Delegates from 22 Latin American and Caribbean nations are meeting in Buenos Aires in an attempt to draw up a common policy to improve trade with the Six-Nation European Economic Community (EEC).
Delegates from 22 Latin American and Caribbean nations are meeting in Buenos Aires in an attempt to draw up a common policy to improve trade with the Six-Nation European Economic Community (EEC). The talks began on Monday (July 20)
The meeting of the Latin American Special Co-ordination Commission (CECLA) follows a call by Argentina for concerted action to reach agreement with the EEC following more than ten years of largely fruitless negotiations.
The impact of the EEC's tariff policies on Latin American exports, particularly its agricultural products, has been a matter of concern for both sides ever since the European Common Market was set up under the 1958 Treaty of Rome.
Now, according to a high ranking Latin American official - who did not wish to be identified - growing "protectionist" tendencies in the United States Congress might force South American countries to reach a hasty agreement with the EEC to protect their own trade.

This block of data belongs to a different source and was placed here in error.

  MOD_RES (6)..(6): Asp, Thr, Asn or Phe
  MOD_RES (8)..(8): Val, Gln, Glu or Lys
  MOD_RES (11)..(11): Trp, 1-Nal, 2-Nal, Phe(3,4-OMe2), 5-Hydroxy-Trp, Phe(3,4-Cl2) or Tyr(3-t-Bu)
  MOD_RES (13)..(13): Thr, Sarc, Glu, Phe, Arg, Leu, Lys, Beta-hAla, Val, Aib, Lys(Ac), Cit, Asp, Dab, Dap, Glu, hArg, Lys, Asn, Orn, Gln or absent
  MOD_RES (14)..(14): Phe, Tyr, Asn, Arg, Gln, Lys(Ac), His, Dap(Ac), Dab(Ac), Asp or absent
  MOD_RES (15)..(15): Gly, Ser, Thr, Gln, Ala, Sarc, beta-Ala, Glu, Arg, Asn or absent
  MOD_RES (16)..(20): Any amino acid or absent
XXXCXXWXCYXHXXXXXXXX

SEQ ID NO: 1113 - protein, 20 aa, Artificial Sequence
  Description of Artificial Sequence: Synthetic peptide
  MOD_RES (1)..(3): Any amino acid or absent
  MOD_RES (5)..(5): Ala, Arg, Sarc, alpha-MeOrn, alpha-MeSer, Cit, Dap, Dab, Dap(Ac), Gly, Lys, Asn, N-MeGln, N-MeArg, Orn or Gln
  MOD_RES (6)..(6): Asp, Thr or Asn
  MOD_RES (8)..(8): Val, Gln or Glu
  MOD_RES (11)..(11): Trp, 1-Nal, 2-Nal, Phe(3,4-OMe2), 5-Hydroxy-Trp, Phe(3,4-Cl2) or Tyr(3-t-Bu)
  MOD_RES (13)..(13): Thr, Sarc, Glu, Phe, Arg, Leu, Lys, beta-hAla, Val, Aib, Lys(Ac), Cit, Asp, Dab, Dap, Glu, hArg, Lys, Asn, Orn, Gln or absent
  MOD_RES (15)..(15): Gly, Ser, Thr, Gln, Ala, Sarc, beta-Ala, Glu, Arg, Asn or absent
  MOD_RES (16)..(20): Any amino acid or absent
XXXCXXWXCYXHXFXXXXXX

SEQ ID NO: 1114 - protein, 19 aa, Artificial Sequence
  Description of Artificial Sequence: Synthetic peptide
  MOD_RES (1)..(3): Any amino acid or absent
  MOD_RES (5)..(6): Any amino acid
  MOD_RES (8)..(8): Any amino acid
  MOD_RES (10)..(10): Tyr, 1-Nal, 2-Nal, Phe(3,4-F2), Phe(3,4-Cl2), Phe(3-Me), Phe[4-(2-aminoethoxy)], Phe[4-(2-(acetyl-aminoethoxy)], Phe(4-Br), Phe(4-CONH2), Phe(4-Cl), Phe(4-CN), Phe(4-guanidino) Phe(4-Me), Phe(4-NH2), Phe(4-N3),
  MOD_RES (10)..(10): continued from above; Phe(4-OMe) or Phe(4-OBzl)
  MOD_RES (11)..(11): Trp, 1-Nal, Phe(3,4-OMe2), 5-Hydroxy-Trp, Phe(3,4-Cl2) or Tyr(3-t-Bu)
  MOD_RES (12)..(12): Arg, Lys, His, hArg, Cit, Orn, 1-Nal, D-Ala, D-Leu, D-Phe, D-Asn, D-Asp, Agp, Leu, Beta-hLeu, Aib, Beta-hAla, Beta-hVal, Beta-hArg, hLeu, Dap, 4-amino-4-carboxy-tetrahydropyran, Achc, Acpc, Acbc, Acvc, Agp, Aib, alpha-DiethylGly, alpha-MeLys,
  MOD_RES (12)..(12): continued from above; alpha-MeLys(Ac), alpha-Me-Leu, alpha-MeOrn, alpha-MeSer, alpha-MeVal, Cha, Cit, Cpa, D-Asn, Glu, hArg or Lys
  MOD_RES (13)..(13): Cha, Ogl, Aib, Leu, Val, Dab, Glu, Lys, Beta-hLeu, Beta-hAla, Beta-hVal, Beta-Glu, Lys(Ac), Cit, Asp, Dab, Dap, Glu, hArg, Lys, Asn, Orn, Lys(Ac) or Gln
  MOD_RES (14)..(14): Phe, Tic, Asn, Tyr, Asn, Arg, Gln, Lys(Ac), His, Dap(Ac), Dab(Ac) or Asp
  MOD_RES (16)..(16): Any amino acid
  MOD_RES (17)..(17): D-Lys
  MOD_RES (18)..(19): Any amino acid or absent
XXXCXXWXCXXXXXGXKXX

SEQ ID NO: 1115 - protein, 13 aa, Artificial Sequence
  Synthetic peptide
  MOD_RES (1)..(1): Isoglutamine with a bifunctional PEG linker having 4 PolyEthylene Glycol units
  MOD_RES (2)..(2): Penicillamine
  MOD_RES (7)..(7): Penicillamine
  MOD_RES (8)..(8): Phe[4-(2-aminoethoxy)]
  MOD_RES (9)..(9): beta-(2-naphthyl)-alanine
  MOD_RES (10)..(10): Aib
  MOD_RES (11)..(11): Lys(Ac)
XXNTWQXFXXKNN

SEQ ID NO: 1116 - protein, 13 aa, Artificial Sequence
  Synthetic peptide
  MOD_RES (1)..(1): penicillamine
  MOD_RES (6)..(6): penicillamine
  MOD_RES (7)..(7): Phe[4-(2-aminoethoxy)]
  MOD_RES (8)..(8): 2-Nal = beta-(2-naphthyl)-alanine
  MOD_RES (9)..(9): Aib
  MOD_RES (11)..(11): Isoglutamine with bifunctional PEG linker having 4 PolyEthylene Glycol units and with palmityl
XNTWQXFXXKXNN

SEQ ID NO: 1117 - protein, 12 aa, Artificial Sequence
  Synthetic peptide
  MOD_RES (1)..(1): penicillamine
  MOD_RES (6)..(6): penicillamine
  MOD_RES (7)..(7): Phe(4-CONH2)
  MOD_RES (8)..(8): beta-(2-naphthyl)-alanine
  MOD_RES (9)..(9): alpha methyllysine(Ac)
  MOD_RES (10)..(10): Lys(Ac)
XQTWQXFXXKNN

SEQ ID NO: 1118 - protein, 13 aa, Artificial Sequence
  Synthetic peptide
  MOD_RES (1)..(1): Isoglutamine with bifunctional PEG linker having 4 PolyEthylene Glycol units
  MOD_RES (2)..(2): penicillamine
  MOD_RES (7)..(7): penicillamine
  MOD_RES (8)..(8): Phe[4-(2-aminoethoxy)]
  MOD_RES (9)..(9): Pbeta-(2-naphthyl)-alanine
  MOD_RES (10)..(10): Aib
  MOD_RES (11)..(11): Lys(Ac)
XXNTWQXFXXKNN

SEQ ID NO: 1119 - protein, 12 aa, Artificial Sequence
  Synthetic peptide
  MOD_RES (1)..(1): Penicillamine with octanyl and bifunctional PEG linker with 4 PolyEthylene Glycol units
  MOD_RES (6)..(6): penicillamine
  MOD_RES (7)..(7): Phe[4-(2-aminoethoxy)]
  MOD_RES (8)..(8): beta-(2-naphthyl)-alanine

Legislation tentatively approved by the US House of Representative Ways and Means Committee last week, would impose mandatory quotas on imports of textiles and shoes and give President Nixon authority to impose quotas on imports of other products, according to the official.
The ten day meeting is being attended by all Latin American nations, except Cuba, and by representatives from Barbados, Jamaica and Trinidad. Also present are observers from Guyana.